· Jan 16, 2013 at 3:14 pm
A prolific artist, Rockwell produced over 4,000 original works in his lifetime. What some people may be unaware of is that Rockwell meticulously composed photographs that he used as part of his artistic process to create his famous paintings and illustrations.
The sailor looks a smidgen more pleasant in the photo on the left.
Many of the photos linked article come from the The Norman Rockwell Museum. If you poke around there, be sure to check out Heroes & Villains: The Comic Book Art of Alex Ross.
· Jan 15, 2013 at 1:49 pm
We review the history and imagine how Apple and other famous logos will look like in the future.
Of course the Pepsi logo above is my favorite.
· Jan 14, 2013 at 8:25 pm
Yes in the video clip are real robots that are really playing the Ace of Spades! I love the headbanging and body movements. Stickboy with four arms on drums, Fingers with 78 fingers playing guitar and Bones on bass. Collectively they make up Compressorhead.
Check out the covers TNT, Blitzkrieg Bop, and Becoming on YouTube for more 6 tonne metal band goodness. Official site: compressorheadband.com.
Final thought: I wonder if they could get Stephen Hawking on vocals?
· Jan 14, 2013 at 2:52 pm
The U.S. Department of Homeland Security has reiterated its warning to Java users that the widely used Web plug-in still poses risks for Internet users, even after Oracle patched the software to prevent hackers from exploiting a zero-day vulnerability.
It comes as some security experts are warning that the new software — Java 7 (Update 11), which was released on Sunday — may not actually protect against hackers attempting to remotely execute code on user machines.
I’ve hated Java ever since I first read this:
Both version numbers 1.5.0 and 5.0 are used to identify this release of the Java 2 Platform Standard Edition.
Still no idea if it was 1.5 or 5.0 or 2.
· Jan 13, 2013 at 8:27 am
On Tuesday, the Boy Scouts quickly snuffed out a flicker of hope that a gay Eagle Scout candidate in California might actually earn the rank after his local council threw their support behind him. That flicker came from news that a local review board vowed to challenge the Boy Scouts’ decision not to award Brian Andresen the Eagle rank due to his sexual orientation. But just hours after that report went live, a Boy Scouts executive reaffirmed the initial decision on Tuesday and told CNN that Mount Diablo-Silverado Boy Scout Council rejected the Eagle Scout application for 18-year-old Ryan Andresen due to “membership standards,” specifically “duty to God, avowed homosexuality, and the fact that he is now over 18 years of age.” The boy’s father, Eric Andresen, said in response, “It’s pretty upsetting, and it’s wrong. The whole thing has been wrong since day one.”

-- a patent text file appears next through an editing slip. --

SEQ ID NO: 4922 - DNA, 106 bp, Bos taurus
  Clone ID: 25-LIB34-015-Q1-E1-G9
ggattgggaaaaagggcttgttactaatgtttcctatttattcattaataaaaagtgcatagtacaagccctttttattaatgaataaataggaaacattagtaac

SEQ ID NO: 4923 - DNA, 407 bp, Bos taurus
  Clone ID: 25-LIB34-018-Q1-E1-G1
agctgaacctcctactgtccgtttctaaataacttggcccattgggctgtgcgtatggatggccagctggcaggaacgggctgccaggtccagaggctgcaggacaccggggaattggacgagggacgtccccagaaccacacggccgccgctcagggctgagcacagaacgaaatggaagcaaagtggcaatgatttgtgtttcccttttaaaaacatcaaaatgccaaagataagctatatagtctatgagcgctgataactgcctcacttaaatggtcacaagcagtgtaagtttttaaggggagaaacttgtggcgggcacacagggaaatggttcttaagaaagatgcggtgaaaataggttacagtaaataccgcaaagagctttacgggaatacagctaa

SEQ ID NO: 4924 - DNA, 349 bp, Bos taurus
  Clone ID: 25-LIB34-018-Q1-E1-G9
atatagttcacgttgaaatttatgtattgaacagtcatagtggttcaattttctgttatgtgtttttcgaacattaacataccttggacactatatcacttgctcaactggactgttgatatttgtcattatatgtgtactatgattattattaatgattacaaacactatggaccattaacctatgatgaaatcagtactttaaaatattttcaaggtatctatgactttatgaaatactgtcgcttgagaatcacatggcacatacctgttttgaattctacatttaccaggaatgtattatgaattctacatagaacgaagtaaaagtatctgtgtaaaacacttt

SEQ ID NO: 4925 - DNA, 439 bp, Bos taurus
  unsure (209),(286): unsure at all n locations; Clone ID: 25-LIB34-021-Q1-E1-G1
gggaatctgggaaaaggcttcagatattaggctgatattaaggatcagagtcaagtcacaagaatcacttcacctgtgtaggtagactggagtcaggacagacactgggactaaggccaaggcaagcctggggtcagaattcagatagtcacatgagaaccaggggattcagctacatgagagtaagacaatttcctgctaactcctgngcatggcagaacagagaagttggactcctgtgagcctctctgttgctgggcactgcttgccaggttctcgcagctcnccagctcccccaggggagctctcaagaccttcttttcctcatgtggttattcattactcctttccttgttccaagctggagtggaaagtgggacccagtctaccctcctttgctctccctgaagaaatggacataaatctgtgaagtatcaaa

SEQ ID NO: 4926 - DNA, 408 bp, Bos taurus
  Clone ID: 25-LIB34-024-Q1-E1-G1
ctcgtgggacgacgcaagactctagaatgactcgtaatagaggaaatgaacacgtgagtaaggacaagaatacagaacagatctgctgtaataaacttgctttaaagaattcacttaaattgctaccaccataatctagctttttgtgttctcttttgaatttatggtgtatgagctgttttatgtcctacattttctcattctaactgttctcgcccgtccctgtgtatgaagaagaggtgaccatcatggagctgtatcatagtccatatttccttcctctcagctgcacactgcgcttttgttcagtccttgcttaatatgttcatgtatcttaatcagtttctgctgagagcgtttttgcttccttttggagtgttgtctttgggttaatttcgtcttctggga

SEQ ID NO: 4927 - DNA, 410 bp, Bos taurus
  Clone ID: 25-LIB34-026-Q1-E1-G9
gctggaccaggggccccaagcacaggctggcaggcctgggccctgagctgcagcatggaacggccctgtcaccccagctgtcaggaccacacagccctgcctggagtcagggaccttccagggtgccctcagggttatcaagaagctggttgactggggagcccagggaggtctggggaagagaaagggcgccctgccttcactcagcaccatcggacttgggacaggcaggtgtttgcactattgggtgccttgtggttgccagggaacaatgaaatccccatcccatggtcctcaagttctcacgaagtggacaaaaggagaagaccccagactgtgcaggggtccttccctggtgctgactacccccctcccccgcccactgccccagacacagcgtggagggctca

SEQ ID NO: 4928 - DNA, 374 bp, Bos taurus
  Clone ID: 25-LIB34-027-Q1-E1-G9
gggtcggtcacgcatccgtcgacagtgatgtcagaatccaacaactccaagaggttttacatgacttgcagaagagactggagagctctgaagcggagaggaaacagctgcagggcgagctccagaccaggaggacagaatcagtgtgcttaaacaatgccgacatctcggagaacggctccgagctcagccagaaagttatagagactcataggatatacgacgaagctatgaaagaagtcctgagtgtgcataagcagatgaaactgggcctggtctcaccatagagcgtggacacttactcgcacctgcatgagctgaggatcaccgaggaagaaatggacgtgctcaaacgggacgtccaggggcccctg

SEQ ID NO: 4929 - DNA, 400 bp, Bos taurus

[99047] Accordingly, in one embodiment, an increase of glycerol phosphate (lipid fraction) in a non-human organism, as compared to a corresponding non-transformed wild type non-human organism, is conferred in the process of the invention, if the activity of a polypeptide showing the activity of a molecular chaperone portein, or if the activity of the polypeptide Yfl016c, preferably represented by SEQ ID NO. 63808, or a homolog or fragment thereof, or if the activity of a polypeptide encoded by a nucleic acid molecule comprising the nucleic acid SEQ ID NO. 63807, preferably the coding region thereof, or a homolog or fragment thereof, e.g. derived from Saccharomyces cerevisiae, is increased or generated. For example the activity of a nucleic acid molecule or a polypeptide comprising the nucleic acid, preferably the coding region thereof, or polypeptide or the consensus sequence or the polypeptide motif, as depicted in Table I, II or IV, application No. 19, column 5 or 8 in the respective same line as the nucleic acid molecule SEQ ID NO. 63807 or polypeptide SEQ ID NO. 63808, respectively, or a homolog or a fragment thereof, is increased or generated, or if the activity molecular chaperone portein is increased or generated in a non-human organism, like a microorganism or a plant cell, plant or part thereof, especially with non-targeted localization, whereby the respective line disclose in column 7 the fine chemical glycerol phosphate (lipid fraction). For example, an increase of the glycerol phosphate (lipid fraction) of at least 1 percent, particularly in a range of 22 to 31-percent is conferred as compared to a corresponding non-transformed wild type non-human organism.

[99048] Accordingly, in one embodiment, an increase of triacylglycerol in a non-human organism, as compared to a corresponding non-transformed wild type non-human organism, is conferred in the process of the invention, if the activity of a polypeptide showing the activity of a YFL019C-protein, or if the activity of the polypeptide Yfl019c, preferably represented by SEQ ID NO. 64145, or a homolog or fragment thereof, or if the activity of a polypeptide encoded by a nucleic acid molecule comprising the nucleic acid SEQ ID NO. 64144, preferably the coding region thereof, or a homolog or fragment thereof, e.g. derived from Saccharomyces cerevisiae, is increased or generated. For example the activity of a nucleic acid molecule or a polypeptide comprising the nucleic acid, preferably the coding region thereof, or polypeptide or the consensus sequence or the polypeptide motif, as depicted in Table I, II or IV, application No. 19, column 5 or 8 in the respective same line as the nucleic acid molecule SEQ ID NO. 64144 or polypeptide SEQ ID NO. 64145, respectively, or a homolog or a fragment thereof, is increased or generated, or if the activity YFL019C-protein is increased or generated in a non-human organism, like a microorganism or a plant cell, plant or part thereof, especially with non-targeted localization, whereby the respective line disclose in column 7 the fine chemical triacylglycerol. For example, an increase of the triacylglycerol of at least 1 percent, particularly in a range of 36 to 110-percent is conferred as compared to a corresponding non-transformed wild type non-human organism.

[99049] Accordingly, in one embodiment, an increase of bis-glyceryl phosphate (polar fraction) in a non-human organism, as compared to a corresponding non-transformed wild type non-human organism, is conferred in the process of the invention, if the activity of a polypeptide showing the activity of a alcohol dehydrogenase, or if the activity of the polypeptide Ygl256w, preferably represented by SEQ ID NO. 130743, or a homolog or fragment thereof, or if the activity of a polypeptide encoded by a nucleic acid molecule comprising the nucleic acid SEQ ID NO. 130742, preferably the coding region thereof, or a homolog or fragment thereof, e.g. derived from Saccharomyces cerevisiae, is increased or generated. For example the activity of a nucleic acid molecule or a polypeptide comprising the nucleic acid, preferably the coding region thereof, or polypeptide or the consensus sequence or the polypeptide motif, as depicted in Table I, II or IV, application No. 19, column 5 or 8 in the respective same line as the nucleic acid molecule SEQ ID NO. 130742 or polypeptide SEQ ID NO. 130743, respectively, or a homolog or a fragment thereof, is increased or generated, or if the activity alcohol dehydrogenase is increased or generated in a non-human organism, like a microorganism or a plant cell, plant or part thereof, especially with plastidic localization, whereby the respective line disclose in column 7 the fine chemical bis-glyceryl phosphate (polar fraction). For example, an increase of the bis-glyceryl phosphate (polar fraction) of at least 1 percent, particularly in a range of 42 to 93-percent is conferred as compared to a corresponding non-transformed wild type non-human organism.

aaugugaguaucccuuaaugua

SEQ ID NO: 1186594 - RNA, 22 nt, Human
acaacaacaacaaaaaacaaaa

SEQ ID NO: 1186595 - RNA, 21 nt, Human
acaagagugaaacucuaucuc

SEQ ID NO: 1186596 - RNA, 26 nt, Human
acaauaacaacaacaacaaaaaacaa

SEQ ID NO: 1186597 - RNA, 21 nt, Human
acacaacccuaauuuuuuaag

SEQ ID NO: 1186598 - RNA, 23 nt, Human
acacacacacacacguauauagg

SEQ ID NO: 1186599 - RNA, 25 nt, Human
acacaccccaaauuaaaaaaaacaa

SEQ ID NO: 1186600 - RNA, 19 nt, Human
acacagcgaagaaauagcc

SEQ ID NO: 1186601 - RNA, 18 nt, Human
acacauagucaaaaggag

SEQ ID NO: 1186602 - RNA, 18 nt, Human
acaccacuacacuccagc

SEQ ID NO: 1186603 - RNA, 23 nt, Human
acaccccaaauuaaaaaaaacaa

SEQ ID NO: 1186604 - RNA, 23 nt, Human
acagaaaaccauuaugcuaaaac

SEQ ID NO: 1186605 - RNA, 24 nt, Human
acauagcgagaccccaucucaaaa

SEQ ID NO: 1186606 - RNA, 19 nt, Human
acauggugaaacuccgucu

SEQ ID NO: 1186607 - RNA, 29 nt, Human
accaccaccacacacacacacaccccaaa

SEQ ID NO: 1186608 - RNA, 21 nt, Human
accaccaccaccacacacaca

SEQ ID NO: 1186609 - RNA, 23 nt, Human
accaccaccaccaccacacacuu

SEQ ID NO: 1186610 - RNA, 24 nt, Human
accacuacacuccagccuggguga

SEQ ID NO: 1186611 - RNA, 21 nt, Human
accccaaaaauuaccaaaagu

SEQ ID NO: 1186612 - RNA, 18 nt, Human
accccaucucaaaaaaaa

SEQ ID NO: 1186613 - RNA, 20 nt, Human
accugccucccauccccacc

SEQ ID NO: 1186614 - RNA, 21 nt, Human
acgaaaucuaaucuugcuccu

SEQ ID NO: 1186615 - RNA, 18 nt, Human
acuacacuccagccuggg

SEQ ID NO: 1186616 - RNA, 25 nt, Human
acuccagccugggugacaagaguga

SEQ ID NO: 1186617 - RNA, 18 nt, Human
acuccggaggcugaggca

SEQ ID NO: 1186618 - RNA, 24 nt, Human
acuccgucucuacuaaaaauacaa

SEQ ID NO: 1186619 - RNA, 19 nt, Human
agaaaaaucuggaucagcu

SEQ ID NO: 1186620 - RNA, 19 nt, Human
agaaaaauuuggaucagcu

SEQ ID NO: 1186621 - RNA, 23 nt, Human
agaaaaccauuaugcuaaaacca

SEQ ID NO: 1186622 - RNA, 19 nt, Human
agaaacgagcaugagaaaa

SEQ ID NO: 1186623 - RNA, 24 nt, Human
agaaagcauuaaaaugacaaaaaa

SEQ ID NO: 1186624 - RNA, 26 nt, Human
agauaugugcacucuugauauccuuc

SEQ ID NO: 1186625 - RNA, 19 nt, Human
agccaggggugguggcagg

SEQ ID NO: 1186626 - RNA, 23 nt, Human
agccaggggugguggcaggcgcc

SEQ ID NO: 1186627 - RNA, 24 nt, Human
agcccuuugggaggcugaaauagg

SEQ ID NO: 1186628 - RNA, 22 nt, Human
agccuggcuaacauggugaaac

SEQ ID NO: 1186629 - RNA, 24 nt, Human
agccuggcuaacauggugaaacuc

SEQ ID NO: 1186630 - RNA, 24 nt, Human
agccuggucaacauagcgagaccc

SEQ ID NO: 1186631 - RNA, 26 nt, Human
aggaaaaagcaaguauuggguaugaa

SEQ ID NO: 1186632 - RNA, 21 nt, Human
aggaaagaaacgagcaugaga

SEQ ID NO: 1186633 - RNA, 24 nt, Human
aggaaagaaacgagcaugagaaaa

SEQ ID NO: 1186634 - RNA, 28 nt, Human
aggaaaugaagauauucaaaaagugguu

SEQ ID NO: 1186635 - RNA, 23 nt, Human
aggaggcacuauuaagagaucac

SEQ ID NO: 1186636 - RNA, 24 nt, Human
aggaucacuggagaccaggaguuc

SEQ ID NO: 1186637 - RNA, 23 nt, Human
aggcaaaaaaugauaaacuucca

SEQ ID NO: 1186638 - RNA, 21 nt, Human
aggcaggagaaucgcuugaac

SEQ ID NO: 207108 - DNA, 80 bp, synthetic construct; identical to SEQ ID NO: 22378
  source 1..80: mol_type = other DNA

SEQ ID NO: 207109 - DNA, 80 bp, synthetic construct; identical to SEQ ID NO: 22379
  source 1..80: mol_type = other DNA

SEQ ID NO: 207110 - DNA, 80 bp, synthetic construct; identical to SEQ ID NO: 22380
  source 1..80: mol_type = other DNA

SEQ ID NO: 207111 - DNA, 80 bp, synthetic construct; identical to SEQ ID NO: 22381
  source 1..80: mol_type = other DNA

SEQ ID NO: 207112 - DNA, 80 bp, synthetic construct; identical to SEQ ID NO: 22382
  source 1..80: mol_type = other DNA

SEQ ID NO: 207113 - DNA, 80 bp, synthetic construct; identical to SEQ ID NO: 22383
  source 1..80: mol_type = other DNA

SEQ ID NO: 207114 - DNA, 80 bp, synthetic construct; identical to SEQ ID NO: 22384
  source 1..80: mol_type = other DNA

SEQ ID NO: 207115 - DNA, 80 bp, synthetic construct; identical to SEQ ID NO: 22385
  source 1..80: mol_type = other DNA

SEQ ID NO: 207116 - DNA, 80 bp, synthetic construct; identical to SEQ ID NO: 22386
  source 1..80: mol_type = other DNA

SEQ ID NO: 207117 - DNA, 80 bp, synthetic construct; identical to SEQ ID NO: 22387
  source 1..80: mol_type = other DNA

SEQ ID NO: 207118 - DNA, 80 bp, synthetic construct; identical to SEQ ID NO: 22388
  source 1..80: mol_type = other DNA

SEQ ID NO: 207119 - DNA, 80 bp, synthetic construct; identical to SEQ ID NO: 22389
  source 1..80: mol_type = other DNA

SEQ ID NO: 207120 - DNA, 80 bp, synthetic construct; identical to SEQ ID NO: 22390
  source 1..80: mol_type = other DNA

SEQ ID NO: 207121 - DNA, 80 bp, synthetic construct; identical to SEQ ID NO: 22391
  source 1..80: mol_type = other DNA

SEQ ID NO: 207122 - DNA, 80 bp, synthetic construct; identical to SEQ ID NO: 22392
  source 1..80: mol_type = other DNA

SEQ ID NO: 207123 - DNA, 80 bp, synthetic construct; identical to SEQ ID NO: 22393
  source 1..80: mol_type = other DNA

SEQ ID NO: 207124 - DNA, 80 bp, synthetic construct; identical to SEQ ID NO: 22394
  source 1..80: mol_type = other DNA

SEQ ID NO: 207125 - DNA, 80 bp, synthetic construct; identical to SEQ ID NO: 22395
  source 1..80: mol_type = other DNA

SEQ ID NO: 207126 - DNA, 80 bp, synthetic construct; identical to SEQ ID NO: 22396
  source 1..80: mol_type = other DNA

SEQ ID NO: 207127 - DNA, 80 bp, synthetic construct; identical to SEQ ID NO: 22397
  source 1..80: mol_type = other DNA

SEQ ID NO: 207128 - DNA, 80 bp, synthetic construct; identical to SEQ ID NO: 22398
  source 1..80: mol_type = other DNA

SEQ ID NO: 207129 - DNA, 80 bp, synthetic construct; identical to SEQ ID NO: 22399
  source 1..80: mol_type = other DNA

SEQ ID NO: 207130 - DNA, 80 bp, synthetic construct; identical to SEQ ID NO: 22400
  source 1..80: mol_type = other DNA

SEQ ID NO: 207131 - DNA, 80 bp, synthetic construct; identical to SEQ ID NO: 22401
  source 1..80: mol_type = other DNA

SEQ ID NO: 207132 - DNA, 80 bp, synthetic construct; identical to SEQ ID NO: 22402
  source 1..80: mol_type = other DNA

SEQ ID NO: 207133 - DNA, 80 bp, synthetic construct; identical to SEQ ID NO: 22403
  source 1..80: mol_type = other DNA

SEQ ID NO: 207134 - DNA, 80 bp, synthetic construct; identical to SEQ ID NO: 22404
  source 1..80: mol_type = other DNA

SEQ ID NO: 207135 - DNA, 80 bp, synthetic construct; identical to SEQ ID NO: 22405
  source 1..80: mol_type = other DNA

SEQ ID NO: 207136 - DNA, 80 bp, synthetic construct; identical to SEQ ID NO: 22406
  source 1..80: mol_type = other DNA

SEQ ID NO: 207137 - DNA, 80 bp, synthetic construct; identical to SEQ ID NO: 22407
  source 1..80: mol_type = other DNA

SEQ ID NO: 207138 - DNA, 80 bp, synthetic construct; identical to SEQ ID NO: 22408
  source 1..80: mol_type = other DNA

Writing as a devil’s advocate, nobody is forcing Andresen to be an Eagle Scout. It’s not like he he has to go.
The BSA is a voluntary, private organization that sets policies that are best for the organization. The BSA welcomes all who share its beliefs but does not criticize or condemn those who wish to follow a different path.
From one point of view it makes kinda makes sense because the Boy Scouts are filled with young, impressionable boys and the organization is probably doing its best to head off any predators. From another point of view, this won’t matter. Avowed predators don’t exist.
· Jan 12, 2013 at 10:50 am
I’m sure you’ve heard the news…
This Isn’t the Petition Response You’re Looking For
By Paul Shawcross
The Administration shares your desire for job creation and a strong national defense, but a Death Star isn’t on the horizon. Here are a few reasons:
- The construction of the Death Star has been estimated to cost more than $850,000,000,000,000,000. We’re working hard to reduce the deficit, not expand it.
- The Administration does not support blowing up planets.
- Why would we spend countless taxpayer dollars on a Death Star with a fundamental flaw that can be exploited by a one-man starship?
I felt a great disturbance in the Force, as if millions of voices suddenly cried out in terror and were suddenly silenced. I fear something terrible has happened.
This is one of the best petition responses I’ve ever read. Well done, Paul Shawcross.
· Jan 12, 2013 at 9:31 am
In 2010, inspired by the global water crisis, the musician and activist Kenna organized Summit on the Summit, a hike to the top of Mt. Kilimanjaro with several fellow performers, including Jessica Biel and Lupe Fiasco. The trek was turned into an MTV documentary also intended to raise awareness of the many nations affected by a lack of clean water.
To kick off the new year, Kenna has climbed the mountain again with a new team, including Foster the People singer Mark Foster. The two paused at the peak of Kilimanjaro to deliver this exclusive video message to Rolling Stone, during which they explain the purpose of their hike and describe their view at 16,000 feet.
If I was in my mid-20s again, I’d be doing shit like this instead of pretending that work was important.